The Statute requires that the claimant prove he has a disability, i.e., that he is unable to engage in any substantial, gainful activity by reason of any medically determinable physical or mental impairment which can be expected to result in death or to be of long-continued and indefinite duration. 42 U.S.C.A. § 423(c)(2). The Act is remedial and is to be construed liberally. Celebrezze v. Bolas, 316 F.2d 498 (8th Cir., 1963).

 Disability must be established by such relevant evidence as a reasonable mind might accept as adequate to support a conclusion and it must be based on the record as a whole. National Labor Relations Board v. Columbia Enameling & Stamping Company, 306 U.S. 292, 59 S. Ct. 501, 83 L. Ed. 660 (1939); Universal Camera Corporation v. National Labor Relations Board, 340 U.S. 474, 71 S. Ct. 456, 95 L. Ed. 456 (1951). The determination of the presence of substantial evidence is to be made on a case-to-case basis. Celebrezze v. Wifstad, 314 F.2d 208 (8th Cir., 1963). It is for the Court then to determine whether there was substantial evidence in the record to support the findings of the Examiner that Mr. Clemochefsky was not precluded by his physical condition from substantial, gainful activity. Boyd v. Folsom, 257 F.2d 778 (3d Cir., 1958).

 A two-part test has been established to determine the existence of the required disability -- (1) what is the extent, if any, of the claimant's physical or mental impairment, and (2) does the impairment result in his inability to engage in any substantial, gainful activity? Klimaszewski v. Flemming, 176 F.Supp. 927 (E.D.Pa.1959).

 There seems to be little question in this case that claimant suffers some physical impairment. The record shows that examining physicians on both sides agree that he is suffering from anthracosilicosis in the second stage and is totally and permanently blind in the left eye; also that he is suffering a cardio-renal disease causing an enlarged aortic heart. Plaintiff's doctor also finds that claimant suffers from arthritic changes of the joints and emphysema in both lung fields. The claimant himself asserts that he suffers shortness of breath at the least exertion, i.e., walking up an incline or climbing steps; that he can only walk a city block without any trouble, and then only 'if he takes it real easy and takes a rest in between.' He also complains of arthritic pains in his shoulders, hands and legs. Indeed, the Examiner specifically found that claimant was unable to continue his usual occupation as a miner, miner's helper or general company laborer in view of his respiratory condition.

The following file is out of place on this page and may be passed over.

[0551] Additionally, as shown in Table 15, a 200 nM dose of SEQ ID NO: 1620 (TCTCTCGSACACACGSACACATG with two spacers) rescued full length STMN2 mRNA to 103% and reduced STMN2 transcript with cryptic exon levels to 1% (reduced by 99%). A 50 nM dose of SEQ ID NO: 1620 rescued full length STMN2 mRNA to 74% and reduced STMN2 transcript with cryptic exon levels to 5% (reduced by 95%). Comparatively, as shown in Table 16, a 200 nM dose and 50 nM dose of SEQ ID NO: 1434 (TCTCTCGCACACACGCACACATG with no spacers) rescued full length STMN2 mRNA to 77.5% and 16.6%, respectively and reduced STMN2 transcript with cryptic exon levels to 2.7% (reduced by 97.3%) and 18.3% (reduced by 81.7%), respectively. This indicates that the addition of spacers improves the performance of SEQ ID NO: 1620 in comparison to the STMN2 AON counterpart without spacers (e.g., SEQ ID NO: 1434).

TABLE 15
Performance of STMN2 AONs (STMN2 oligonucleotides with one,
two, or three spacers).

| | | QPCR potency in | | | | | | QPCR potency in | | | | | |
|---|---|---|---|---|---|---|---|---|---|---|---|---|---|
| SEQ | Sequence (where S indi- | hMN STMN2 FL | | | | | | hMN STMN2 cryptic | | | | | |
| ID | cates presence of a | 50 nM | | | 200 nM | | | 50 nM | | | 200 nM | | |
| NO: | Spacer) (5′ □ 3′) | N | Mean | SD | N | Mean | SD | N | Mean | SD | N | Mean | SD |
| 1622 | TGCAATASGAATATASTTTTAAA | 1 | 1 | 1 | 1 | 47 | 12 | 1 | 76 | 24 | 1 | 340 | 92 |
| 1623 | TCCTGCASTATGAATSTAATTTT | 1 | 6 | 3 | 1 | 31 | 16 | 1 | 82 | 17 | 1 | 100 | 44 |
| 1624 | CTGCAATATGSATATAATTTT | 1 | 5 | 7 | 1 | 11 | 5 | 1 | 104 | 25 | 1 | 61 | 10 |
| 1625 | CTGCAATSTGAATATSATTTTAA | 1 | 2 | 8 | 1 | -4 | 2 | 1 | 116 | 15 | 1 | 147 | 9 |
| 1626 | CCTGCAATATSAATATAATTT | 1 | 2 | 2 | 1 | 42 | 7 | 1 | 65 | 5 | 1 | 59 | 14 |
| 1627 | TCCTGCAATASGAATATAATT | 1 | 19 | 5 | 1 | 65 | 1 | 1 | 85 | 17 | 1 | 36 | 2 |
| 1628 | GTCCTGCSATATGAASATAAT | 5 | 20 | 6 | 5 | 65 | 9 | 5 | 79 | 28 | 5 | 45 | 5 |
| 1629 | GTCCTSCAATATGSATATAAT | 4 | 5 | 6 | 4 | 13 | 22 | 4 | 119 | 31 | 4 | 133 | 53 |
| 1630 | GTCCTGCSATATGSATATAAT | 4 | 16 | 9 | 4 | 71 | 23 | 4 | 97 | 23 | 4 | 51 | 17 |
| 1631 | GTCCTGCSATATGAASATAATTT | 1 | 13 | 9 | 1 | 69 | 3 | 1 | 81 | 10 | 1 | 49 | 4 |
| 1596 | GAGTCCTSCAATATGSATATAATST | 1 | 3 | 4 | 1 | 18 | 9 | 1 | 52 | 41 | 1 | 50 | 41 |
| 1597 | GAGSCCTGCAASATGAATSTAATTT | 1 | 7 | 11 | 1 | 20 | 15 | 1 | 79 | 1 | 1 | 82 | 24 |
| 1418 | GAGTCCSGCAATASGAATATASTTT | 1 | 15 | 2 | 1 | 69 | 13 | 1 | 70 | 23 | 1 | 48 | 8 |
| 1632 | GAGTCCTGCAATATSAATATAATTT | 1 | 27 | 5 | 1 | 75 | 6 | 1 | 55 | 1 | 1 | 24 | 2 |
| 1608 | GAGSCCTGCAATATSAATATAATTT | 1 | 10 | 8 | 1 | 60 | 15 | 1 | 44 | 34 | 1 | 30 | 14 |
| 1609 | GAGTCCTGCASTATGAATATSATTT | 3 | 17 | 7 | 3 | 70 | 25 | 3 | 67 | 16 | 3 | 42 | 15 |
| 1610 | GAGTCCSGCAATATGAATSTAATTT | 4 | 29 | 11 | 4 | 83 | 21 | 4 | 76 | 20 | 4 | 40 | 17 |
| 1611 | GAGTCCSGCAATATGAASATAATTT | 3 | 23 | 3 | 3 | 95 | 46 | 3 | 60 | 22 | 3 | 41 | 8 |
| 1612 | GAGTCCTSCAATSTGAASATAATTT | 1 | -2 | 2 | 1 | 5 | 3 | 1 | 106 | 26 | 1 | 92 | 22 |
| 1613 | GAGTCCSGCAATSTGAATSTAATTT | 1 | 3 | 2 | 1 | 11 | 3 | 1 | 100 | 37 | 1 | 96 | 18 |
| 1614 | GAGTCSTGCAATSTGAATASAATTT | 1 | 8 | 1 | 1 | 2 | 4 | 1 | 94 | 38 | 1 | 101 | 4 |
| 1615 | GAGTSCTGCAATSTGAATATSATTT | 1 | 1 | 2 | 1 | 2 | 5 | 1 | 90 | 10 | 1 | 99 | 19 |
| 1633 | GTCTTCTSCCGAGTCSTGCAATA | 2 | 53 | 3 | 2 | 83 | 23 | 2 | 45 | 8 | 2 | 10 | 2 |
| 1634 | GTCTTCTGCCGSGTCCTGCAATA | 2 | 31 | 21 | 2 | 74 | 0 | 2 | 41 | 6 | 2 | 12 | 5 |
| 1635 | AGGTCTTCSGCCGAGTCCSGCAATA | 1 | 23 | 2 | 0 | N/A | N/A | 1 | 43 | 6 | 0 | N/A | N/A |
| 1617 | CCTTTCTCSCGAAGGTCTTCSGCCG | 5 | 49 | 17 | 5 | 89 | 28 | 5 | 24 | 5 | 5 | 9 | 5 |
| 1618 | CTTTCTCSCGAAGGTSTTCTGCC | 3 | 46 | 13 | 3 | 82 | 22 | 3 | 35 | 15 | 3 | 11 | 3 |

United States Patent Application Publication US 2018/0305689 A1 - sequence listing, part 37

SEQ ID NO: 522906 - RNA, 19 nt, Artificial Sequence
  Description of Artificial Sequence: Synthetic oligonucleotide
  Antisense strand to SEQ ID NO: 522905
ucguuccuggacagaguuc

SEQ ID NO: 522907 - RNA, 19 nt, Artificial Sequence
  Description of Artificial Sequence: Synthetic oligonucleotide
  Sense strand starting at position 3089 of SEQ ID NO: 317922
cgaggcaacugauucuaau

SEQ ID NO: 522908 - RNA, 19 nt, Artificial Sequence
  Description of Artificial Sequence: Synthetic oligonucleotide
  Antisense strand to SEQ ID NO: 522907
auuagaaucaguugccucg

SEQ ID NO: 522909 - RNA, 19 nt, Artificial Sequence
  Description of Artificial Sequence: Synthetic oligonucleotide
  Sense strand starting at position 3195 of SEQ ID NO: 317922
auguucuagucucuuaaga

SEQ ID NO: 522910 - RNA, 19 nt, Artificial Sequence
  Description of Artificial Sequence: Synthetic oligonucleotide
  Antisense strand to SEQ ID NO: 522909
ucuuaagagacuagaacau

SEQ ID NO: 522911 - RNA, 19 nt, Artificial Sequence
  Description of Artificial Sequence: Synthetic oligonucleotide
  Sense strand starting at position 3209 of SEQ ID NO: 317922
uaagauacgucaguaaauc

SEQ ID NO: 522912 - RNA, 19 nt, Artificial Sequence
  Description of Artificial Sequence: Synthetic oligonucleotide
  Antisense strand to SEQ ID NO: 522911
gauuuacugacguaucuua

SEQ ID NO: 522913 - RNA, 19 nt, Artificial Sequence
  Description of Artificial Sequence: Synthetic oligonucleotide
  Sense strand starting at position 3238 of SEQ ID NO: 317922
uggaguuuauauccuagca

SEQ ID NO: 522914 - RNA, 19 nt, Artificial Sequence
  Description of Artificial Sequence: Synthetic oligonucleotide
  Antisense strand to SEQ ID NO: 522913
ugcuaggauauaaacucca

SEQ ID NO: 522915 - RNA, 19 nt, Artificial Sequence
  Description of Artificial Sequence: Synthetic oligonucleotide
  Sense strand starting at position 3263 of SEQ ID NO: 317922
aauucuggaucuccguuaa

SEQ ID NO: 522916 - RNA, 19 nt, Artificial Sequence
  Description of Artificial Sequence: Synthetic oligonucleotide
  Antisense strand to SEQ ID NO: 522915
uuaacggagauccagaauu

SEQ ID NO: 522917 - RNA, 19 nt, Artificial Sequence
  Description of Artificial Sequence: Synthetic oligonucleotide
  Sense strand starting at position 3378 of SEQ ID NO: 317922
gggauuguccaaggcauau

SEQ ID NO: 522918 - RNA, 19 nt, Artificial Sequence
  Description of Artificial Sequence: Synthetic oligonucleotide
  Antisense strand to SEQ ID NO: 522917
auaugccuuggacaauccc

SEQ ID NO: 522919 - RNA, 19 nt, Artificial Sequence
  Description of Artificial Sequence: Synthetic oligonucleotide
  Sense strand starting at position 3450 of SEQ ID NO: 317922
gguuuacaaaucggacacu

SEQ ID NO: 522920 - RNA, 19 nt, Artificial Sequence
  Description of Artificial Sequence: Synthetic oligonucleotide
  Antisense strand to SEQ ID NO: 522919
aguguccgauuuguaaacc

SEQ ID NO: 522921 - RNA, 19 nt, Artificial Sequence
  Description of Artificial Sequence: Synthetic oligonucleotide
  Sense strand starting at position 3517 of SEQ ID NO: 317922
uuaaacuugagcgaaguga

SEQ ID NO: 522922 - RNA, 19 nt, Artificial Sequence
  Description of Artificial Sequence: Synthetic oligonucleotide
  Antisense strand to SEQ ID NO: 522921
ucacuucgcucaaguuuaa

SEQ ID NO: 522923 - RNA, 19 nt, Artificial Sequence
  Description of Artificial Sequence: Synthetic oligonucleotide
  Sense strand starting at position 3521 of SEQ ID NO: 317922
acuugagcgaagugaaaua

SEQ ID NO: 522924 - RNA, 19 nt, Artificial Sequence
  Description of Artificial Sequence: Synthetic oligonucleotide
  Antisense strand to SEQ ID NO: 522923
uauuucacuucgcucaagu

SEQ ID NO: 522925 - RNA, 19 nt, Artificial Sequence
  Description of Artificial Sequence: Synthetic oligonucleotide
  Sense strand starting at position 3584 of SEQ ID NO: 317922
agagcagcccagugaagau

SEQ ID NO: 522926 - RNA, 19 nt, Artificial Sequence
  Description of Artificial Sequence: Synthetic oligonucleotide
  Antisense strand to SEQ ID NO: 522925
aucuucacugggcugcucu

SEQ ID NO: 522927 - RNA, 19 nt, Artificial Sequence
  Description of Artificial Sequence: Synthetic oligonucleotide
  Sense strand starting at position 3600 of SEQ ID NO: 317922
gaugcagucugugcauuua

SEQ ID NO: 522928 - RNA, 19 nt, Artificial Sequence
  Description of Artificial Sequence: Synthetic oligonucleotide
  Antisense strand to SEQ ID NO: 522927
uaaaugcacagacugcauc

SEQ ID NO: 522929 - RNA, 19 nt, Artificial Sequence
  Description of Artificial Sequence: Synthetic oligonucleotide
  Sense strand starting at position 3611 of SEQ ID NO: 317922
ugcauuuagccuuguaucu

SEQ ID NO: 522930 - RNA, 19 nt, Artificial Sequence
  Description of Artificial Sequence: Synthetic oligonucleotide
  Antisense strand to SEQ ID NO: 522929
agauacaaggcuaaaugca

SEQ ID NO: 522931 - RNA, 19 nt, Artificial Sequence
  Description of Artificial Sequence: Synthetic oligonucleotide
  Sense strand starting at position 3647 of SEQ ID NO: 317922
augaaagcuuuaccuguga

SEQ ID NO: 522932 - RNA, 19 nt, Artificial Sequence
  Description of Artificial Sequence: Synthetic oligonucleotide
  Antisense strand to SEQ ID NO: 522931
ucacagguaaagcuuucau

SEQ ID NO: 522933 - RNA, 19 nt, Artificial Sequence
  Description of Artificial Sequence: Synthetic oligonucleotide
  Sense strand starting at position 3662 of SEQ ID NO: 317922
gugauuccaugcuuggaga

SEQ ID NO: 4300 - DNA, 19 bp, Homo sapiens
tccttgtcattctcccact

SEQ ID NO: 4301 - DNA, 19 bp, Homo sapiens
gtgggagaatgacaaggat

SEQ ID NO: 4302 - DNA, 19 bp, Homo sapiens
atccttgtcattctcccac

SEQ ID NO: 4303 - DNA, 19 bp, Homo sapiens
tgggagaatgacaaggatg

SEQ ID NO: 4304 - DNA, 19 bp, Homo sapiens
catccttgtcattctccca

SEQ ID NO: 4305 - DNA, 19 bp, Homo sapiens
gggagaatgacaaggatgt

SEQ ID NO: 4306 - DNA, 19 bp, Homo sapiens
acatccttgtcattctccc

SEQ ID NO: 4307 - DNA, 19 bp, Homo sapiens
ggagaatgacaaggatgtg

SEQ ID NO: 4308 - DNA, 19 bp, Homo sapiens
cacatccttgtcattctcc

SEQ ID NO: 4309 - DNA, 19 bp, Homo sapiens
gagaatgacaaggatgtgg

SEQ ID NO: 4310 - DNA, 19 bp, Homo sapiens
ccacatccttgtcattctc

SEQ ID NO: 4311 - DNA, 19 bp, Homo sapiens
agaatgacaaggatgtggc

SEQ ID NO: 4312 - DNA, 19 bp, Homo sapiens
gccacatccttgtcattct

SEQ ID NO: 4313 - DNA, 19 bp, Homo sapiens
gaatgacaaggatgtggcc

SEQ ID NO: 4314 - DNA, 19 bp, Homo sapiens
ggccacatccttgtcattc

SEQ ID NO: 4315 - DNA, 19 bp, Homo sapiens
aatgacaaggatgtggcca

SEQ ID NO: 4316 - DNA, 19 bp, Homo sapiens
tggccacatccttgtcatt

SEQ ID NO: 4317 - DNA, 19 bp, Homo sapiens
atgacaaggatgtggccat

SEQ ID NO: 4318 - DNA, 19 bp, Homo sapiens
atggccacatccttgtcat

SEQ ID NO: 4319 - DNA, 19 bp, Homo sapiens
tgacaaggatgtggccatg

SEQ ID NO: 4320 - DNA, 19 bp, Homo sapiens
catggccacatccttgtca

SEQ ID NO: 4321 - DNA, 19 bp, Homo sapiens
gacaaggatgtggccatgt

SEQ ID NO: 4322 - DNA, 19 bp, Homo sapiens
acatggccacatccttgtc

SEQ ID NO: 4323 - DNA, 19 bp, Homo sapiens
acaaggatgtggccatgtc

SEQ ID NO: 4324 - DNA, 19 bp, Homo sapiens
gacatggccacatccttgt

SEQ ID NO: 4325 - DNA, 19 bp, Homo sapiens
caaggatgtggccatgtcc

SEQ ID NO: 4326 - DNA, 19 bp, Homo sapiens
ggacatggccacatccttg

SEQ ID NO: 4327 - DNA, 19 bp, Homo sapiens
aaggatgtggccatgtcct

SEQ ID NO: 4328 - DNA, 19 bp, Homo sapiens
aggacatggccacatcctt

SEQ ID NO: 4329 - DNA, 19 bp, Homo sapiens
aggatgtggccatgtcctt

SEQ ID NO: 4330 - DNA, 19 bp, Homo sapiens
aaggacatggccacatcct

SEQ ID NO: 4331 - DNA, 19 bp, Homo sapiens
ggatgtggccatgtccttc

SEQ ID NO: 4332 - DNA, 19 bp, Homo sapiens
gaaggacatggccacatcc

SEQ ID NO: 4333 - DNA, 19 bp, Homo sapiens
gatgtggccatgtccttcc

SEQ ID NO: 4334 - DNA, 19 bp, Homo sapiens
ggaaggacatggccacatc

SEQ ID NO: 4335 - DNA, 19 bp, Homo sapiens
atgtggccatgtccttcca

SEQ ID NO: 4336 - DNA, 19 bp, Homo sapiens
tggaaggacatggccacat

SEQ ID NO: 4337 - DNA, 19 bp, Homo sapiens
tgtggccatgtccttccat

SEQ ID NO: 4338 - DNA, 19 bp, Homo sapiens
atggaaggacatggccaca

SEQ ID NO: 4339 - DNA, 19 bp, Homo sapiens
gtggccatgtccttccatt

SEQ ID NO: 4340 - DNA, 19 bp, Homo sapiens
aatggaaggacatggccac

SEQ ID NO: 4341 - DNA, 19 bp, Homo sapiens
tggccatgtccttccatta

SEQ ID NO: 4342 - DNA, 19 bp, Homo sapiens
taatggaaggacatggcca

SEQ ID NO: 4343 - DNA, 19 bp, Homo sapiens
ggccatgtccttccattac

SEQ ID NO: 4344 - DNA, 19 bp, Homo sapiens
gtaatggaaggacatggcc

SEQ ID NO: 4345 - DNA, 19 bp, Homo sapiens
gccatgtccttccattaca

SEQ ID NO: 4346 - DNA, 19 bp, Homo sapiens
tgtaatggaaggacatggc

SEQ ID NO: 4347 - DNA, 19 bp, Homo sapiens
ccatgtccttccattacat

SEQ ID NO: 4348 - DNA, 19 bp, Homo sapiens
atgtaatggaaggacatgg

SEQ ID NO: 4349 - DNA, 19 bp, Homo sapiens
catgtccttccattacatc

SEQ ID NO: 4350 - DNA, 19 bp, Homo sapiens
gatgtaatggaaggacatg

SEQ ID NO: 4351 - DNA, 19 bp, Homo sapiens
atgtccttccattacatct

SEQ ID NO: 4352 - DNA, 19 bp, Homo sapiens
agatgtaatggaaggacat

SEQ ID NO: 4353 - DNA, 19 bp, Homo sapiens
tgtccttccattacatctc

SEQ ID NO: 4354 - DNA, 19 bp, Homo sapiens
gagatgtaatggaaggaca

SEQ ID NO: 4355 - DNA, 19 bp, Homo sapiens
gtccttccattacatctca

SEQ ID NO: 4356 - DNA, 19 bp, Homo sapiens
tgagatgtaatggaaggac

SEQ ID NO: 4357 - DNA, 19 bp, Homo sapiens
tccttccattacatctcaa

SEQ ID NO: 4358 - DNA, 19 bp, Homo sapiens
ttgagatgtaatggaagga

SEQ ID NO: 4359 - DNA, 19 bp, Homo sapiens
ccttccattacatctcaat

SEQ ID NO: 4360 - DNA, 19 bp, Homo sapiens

In light of the existence of a physical impairment, the questions forming the crux of the controversy, therefore, are: (1) what work, if any, is he physically capable of doing in this condition; (2) is he qualified by reason of age, education and background for the kind of work he is physically capable of doing, and (3) are there jobs available to him for which he is suited?